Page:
Prominent Boeung Kak land rights activist Yorm Bopha has again been found guilty of organising the beating of two motodops in 2012, this time by the Court of Appeal, but will not face any additional jail time.
Bopha, 32, spent a year and eight days behind bars after originally being found guilty and sentenced to three years in prison over the attack.
Bopha was yesterday once again sentenced to three years in prison, but the remainder of the sentence was suspended. She was also ordered to pay the victims 10 million riel (about $2,500). No reasoning was provided in court for the verdict.
Bopha’s ex-husband, Lous Sakhon, who had already received a three-year suspended sentence for the beatings, also was ordered to pay 10 million riel. The pair was originally fined a total of 60 million riel.
E Sophors, president of the motodop group the Cambodia Confederation Development Association, said the ruling was “justice”. “Even though the amount was decreased, at least [the victims] got something,” he said. “I think the court is providing justice because we have been waiting for years and they have not received any compensation for their injuries.”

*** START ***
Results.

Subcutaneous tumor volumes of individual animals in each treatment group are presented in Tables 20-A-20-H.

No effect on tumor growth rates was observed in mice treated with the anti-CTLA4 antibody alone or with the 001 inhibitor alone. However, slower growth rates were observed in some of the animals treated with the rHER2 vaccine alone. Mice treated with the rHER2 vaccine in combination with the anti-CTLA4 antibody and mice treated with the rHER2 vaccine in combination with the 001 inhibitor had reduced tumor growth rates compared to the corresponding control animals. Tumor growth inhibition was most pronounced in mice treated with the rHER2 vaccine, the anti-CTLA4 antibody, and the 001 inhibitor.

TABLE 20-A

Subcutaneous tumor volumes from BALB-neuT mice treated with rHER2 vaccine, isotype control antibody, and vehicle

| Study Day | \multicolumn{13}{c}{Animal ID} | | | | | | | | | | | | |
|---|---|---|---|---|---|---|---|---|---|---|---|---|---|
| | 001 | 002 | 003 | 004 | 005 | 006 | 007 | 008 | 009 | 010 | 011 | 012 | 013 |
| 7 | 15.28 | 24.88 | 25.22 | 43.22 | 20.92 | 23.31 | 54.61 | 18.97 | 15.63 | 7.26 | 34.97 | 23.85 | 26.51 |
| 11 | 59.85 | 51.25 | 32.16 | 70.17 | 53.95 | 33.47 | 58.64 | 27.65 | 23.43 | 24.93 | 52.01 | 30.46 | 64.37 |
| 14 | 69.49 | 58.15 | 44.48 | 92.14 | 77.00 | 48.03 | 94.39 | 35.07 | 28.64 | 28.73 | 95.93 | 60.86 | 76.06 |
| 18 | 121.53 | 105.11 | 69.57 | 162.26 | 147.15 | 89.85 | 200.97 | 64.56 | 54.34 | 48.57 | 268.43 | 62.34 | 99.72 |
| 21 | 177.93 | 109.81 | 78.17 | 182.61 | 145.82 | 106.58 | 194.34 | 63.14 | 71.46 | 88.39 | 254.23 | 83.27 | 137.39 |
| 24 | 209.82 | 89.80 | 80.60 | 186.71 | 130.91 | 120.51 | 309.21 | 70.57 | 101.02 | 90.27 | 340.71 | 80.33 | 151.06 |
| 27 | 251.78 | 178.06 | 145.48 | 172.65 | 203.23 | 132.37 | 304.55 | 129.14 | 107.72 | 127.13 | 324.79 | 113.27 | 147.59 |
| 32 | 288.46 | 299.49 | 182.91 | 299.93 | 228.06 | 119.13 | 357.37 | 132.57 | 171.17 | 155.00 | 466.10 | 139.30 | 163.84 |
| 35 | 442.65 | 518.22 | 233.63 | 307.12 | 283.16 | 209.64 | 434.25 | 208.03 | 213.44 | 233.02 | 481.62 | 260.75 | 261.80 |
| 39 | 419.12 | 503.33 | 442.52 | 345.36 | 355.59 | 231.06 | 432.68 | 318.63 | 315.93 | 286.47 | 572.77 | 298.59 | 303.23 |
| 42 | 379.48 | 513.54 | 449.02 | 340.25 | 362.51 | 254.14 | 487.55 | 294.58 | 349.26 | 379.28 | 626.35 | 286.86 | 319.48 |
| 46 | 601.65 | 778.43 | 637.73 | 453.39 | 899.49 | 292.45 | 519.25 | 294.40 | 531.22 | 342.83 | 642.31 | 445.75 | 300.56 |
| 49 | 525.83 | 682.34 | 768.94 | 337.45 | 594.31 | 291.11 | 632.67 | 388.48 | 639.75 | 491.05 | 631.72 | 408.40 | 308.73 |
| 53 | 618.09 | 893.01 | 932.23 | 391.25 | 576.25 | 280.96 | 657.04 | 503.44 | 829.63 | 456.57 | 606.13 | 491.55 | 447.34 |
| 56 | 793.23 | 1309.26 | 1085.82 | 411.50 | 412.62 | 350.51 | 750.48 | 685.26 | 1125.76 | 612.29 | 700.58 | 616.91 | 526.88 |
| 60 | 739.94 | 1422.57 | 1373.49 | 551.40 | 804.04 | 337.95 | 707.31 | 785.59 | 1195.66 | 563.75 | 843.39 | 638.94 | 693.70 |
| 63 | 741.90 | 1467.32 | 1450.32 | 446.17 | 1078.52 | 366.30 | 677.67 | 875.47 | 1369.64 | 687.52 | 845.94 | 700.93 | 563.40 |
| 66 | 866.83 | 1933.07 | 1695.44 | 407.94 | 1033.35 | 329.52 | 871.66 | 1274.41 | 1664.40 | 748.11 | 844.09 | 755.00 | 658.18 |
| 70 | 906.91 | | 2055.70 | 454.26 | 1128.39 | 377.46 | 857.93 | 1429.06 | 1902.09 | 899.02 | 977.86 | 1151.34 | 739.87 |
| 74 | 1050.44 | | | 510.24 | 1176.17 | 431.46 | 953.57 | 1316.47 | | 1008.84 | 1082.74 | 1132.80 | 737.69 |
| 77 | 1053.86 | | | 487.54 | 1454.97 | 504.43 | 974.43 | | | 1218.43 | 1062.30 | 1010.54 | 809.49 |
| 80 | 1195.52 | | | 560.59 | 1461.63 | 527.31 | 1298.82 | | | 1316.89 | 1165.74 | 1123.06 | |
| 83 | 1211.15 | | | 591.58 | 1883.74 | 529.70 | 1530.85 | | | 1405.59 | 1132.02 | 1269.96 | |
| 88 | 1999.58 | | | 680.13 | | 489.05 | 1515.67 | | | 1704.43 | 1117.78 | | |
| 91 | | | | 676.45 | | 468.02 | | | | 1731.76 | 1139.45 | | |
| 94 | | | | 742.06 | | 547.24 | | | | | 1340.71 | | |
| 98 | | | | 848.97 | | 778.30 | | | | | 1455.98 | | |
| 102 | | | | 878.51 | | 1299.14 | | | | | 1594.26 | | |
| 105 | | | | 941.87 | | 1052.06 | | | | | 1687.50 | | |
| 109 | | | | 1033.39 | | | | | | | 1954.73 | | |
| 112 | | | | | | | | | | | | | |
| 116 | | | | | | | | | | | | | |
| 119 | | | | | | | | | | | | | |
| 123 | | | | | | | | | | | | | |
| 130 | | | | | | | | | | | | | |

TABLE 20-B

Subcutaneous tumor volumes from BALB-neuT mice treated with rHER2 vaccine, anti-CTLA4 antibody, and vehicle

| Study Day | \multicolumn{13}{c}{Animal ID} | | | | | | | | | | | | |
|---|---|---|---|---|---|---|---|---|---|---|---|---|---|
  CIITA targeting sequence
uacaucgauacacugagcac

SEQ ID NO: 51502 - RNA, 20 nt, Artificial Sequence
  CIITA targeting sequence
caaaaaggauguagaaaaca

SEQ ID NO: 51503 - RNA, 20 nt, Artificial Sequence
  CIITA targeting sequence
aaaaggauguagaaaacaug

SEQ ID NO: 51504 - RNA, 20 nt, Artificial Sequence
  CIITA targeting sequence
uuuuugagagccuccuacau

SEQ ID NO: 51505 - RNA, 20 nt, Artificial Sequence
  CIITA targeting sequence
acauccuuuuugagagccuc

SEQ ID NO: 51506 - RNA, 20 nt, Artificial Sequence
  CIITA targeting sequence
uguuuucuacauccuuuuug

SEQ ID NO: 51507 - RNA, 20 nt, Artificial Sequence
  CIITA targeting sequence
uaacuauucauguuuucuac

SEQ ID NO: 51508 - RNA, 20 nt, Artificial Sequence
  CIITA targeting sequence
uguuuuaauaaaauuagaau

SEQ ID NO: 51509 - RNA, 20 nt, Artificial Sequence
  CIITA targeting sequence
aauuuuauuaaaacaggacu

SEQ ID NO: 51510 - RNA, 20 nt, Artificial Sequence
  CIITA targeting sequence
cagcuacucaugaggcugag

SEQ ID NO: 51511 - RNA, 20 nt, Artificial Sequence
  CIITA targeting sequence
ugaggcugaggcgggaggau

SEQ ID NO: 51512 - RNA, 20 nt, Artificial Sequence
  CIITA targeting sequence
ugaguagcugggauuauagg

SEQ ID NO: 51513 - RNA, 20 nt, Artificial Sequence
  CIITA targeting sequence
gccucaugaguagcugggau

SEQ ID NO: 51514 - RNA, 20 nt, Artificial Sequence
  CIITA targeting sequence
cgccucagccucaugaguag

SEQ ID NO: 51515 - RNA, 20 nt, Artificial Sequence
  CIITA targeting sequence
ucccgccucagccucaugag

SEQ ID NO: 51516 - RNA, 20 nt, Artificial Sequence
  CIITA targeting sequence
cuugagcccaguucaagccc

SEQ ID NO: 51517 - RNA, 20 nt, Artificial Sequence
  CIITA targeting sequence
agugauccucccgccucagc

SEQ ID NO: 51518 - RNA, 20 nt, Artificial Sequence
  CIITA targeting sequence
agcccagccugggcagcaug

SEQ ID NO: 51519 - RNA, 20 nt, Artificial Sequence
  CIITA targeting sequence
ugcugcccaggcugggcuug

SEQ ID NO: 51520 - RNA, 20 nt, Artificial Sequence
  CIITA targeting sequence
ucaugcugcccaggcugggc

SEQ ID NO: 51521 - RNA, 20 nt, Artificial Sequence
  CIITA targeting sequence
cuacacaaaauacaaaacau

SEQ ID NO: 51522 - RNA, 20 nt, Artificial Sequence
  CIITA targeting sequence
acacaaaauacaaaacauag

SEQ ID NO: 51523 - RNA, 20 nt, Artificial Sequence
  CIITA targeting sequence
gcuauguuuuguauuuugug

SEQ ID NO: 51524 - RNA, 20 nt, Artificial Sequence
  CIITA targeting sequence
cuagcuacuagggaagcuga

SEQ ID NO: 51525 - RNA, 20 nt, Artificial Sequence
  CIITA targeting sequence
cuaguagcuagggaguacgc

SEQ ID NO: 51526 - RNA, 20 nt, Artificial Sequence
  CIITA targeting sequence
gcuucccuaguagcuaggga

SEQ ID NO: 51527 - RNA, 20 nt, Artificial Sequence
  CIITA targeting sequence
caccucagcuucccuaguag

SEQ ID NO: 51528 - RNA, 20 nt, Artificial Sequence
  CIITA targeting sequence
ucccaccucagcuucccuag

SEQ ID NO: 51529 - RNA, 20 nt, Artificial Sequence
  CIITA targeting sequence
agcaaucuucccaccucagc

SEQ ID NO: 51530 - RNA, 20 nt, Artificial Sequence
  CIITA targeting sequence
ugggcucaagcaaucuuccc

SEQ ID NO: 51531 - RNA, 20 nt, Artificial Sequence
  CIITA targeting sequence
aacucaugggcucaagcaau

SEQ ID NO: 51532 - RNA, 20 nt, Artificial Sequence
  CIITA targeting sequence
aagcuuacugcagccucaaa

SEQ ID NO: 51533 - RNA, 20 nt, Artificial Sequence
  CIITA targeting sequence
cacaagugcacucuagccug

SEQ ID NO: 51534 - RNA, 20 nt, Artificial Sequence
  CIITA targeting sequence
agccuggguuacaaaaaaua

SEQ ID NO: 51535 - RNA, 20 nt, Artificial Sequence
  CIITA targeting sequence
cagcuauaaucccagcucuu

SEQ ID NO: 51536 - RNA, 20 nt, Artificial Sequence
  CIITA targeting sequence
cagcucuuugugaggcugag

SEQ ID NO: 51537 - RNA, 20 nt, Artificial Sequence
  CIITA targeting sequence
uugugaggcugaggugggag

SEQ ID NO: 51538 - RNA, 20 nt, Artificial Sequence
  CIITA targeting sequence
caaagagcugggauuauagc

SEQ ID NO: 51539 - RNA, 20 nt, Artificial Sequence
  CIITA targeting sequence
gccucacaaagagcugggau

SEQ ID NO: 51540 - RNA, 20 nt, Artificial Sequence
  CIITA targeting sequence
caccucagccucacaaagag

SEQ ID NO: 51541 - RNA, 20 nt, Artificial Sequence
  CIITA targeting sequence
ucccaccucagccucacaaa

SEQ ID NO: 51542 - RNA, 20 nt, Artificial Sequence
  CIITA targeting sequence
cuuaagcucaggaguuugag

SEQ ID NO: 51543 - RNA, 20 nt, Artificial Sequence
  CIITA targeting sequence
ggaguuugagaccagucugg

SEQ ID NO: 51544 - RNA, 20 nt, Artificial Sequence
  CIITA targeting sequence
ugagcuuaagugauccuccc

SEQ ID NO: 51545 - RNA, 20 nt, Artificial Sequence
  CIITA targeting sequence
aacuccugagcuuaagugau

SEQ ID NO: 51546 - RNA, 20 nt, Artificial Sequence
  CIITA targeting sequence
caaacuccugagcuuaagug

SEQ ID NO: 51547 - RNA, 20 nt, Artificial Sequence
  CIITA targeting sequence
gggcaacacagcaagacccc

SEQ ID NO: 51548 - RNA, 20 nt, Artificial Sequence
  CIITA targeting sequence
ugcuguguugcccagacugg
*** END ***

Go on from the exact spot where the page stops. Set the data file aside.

Vath Sarath, 53, father of Vath Thaiseng, one of the attacked motodops, and uncle to the other, Nget Chet, said that 20 million riel was not much. “My son and nephew suffered a lot. I would suggest [Bopha] stop here at the Appeal Court.”
But Bopha said she plans to make another appeal, this time with the Supreme Court, even though she felt “hopeless” about the result. “The Appeal Court does not do their work, because they have not given me justice yet.
Because I am a land activist, that is why authorities are framing me. They want to silence those activists, but I want to say I will not stop here.”
Human rights veterans expressed concern with the verdict. “Having followed the case closely with Amnesty International, which campaigned for Yorm Bopha’s release when she was convicted and jailed, there was not strong evidence [against her], so I’m disappointed in the verdict, but I’m pleased she’s not going to prison,” said Rupert Abbott, who recently left the NGO and is now a human rights consultant.
He added the verdict was emblematic of a broader climate of government restrictions on activists’ right to assembly and expression.
Environmental activist Chum Hout said: “The court in Cambodia always suppresses those who are outstanding activists, just like in the Yorm Bopha case and the three environmental activists in Koh Kong.”
Bopha’s two brothers, charged with carrying out the attacks, were not in court and their verdicts were not announced.
Additional reporting by Donna M Airoldi